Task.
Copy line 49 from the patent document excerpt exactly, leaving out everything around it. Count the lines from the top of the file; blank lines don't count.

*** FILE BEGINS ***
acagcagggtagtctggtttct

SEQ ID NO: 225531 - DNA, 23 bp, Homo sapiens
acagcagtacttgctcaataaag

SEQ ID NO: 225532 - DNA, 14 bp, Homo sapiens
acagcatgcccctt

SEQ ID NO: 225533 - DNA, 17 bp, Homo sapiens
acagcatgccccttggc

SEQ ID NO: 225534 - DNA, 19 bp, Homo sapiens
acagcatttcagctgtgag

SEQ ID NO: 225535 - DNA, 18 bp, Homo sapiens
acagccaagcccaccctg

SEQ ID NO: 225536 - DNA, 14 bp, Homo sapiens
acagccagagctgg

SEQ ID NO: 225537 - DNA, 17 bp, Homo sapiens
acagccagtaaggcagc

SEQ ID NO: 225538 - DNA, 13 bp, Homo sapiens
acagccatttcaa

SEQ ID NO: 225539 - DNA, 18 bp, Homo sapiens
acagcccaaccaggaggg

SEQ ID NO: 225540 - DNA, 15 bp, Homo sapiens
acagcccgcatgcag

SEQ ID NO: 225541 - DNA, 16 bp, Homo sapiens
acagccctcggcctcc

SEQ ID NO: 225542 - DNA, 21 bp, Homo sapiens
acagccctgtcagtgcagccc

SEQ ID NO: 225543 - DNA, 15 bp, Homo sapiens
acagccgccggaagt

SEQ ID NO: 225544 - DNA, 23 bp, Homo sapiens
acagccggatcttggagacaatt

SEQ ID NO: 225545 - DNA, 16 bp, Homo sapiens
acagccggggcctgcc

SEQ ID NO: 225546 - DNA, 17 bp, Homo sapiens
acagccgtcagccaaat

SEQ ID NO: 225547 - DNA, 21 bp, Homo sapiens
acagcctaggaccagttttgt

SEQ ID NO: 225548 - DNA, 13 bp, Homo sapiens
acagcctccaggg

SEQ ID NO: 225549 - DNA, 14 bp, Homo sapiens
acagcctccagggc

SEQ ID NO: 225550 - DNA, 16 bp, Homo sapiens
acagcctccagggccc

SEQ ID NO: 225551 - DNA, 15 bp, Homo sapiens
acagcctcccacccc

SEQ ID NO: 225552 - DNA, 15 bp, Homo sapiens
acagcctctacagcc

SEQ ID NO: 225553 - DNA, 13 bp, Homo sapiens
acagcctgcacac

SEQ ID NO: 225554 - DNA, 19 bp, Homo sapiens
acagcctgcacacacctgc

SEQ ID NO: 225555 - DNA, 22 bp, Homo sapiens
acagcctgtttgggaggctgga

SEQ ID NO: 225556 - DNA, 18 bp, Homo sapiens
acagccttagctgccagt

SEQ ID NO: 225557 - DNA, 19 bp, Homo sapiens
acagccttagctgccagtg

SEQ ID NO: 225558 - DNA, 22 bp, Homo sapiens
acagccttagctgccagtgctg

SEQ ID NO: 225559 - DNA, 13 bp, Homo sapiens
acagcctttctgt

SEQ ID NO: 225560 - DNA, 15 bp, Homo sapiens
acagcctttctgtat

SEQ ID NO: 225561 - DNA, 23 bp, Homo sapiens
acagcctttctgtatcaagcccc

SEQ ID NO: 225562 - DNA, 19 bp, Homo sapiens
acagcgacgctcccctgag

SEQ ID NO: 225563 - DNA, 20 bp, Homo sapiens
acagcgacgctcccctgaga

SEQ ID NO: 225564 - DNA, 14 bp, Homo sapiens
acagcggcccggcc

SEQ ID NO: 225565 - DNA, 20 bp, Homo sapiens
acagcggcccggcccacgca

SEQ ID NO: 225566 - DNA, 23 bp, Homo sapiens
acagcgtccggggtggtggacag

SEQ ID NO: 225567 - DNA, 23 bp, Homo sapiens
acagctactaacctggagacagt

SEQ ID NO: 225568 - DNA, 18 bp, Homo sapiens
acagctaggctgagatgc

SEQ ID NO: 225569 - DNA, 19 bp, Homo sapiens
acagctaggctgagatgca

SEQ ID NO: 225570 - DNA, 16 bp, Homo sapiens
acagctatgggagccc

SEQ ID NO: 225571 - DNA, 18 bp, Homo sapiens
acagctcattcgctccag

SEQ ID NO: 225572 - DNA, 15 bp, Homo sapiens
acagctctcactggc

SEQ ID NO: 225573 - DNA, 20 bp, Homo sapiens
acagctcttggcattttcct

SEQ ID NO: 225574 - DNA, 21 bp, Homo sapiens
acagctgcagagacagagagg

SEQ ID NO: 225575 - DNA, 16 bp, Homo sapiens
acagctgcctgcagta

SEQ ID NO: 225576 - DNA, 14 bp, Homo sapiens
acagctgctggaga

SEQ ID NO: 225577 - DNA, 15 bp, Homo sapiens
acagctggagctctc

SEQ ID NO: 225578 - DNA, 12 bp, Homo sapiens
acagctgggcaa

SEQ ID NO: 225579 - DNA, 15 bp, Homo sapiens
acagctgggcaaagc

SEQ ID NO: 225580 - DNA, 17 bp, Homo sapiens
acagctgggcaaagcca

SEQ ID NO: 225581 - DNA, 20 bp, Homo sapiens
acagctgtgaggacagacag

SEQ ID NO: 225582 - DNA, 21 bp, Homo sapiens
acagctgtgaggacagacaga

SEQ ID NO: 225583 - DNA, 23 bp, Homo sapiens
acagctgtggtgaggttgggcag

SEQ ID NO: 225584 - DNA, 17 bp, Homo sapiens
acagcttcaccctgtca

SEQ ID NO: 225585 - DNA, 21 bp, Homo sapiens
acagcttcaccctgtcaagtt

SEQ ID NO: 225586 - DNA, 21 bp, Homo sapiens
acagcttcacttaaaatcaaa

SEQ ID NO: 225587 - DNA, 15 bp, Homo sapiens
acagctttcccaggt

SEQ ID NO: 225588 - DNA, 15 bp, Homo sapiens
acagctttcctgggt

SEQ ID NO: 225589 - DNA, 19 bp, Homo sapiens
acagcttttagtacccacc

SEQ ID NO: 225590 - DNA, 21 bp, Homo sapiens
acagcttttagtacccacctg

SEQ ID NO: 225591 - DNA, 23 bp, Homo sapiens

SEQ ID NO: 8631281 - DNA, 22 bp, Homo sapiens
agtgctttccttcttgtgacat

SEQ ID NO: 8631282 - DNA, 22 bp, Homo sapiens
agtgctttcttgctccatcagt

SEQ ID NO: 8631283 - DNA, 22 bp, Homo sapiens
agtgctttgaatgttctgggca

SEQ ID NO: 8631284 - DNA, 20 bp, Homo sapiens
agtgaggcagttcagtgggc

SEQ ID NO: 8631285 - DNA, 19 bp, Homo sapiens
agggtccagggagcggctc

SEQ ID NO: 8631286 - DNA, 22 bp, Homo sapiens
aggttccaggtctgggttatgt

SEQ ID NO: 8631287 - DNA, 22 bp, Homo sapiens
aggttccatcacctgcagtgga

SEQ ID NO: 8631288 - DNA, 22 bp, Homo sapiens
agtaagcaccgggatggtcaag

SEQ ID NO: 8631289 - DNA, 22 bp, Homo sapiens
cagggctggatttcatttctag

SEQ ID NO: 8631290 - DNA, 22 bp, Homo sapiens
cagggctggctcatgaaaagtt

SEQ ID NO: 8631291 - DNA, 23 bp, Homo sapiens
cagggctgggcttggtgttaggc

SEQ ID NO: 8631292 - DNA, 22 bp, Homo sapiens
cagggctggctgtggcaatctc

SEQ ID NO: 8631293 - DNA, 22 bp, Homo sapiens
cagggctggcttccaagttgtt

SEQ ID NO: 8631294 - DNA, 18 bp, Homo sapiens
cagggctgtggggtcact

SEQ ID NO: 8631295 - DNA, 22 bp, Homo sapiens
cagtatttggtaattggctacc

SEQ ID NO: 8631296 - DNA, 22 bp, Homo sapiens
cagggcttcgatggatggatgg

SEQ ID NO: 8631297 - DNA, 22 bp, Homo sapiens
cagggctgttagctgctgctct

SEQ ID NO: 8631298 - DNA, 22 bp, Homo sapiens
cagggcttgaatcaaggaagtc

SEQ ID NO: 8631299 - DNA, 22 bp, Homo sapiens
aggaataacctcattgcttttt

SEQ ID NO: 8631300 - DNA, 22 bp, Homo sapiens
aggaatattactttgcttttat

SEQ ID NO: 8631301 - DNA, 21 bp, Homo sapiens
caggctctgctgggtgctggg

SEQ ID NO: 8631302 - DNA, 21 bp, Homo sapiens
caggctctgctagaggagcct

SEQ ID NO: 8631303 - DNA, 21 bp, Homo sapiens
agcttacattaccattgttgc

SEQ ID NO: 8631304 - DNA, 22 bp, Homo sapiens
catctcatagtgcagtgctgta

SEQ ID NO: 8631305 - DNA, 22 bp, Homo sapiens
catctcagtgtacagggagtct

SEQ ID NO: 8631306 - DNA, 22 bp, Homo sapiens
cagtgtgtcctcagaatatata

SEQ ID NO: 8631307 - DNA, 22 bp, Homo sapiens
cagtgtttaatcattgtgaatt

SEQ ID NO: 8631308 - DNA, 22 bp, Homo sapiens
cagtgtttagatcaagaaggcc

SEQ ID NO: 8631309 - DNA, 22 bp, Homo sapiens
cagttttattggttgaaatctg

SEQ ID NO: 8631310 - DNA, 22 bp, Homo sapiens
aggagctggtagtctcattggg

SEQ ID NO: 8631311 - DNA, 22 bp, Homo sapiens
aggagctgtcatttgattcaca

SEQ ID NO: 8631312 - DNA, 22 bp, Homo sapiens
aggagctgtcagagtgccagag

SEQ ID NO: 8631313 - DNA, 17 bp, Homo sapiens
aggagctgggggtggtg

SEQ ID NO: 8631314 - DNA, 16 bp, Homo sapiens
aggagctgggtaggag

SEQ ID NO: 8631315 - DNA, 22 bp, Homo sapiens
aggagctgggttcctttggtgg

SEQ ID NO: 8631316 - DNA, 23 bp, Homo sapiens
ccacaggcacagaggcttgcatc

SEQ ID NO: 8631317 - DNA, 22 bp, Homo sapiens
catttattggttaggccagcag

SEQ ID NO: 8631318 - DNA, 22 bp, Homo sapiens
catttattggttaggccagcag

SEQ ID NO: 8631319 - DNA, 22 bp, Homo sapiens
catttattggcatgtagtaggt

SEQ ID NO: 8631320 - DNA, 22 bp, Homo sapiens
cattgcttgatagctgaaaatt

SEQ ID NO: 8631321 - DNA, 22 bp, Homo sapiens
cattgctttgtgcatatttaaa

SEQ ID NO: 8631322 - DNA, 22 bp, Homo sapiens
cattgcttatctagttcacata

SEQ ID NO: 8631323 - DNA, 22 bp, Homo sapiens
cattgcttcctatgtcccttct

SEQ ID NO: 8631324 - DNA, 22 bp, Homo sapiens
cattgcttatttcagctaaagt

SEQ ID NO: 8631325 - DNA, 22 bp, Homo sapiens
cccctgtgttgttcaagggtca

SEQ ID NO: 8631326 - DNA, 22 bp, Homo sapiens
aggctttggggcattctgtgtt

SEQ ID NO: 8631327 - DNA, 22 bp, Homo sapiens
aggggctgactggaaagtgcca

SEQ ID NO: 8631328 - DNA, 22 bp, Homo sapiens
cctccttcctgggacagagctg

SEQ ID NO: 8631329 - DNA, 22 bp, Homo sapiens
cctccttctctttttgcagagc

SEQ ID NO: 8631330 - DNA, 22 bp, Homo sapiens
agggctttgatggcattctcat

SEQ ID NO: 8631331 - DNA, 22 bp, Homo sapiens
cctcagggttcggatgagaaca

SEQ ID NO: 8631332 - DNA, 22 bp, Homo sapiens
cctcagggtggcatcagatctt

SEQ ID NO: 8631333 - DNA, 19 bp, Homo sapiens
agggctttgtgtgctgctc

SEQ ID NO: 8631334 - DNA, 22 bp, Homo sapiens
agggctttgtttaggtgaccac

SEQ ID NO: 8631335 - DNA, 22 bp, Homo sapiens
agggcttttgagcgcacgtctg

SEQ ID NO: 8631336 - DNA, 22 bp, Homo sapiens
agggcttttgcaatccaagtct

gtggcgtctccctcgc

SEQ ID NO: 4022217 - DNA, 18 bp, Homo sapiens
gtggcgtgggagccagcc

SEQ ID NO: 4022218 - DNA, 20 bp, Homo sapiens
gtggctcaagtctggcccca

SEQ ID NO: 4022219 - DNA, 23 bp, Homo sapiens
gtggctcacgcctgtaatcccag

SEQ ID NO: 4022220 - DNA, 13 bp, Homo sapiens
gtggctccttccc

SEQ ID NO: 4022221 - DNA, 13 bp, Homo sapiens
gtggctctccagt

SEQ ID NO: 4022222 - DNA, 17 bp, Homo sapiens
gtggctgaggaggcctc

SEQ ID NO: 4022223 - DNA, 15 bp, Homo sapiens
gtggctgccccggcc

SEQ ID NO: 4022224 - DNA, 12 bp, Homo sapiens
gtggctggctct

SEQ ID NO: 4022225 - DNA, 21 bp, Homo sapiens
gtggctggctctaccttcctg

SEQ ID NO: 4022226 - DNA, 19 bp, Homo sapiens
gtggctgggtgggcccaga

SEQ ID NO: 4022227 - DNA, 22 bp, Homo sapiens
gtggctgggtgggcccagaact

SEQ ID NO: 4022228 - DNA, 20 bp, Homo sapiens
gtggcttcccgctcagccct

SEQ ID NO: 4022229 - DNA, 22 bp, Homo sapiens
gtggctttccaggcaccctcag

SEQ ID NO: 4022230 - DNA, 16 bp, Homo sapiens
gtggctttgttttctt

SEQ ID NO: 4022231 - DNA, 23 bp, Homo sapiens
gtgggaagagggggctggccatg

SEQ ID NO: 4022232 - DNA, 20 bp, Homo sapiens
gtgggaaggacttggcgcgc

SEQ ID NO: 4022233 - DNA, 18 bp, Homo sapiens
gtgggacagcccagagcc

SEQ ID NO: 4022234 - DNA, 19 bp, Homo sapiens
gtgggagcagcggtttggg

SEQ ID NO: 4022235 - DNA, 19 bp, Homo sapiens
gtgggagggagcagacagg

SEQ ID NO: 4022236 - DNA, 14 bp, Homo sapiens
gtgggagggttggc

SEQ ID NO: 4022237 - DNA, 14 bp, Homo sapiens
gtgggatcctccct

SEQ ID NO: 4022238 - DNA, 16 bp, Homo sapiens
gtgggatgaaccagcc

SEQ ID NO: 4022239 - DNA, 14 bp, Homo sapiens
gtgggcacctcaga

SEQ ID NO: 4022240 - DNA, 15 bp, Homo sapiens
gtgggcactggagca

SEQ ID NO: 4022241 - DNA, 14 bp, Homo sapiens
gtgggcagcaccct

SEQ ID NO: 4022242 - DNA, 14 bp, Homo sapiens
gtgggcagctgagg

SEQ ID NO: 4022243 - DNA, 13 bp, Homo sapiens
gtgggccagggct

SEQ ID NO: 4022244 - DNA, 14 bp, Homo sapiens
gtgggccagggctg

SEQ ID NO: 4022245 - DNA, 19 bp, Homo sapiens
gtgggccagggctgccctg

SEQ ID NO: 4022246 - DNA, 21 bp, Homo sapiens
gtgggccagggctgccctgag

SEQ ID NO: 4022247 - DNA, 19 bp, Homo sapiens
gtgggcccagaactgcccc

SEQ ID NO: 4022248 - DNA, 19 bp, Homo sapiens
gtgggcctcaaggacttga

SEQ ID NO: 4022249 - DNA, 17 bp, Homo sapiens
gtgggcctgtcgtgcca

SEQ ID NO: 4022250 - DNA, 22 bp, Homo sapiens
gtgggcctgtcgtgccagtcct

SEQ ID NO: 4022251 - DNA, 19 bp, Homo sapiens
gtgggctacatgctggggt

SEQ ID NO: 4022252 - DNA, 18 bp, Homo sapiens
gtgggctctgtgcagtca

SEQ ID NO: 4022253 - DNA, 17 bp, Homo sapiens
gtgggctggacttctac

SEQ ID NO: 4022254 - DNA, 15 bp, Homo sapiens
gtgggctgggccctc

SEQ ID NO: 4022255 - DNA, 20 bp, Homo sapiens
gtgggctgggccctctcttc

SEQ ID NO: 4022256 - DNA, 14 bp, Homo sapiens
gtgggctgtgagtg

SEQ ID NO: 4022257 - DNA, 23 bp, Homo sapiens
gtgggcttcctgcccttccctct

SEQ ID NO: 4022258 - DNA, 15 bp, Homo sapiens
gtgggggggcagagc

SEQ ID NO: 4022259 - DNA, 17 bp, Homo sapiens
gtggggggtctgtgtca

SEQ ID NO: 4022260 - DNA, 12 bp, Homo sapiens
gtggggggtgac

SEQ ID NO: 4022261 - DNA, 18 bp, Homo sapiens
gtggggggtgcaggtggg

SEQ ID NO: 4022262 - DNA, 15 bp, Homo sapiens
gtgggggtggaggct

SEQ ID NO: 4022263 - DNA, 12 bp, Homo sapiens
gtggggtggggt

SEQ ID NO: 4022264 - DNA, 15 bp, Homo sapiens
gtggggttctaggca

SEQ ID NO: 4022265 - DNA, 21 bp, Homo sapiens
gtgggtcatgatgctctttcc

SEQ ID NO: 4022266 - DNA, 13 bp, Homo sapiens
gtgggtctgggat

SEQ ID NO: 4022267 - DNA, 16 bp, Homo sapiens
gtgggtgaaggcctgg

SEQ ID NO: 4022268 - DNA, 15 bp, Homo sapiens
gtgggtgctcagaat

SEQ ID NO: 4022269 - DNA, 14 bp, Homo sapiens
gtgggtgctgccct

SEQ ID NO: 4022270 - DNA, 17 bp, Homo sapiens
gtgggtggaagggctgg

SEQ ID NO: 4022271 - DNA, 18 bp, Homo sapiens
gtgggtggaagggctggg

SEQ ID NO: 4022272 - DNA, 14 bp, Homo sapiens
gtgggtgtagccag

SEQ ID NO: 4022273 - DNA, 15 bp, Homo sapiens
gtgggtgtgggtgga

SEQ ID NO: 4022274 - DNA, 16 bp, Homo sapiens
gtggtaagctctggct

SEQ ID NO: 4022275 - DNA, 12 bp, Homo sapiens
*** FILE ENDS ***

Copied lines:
acagcctgcacacacctgc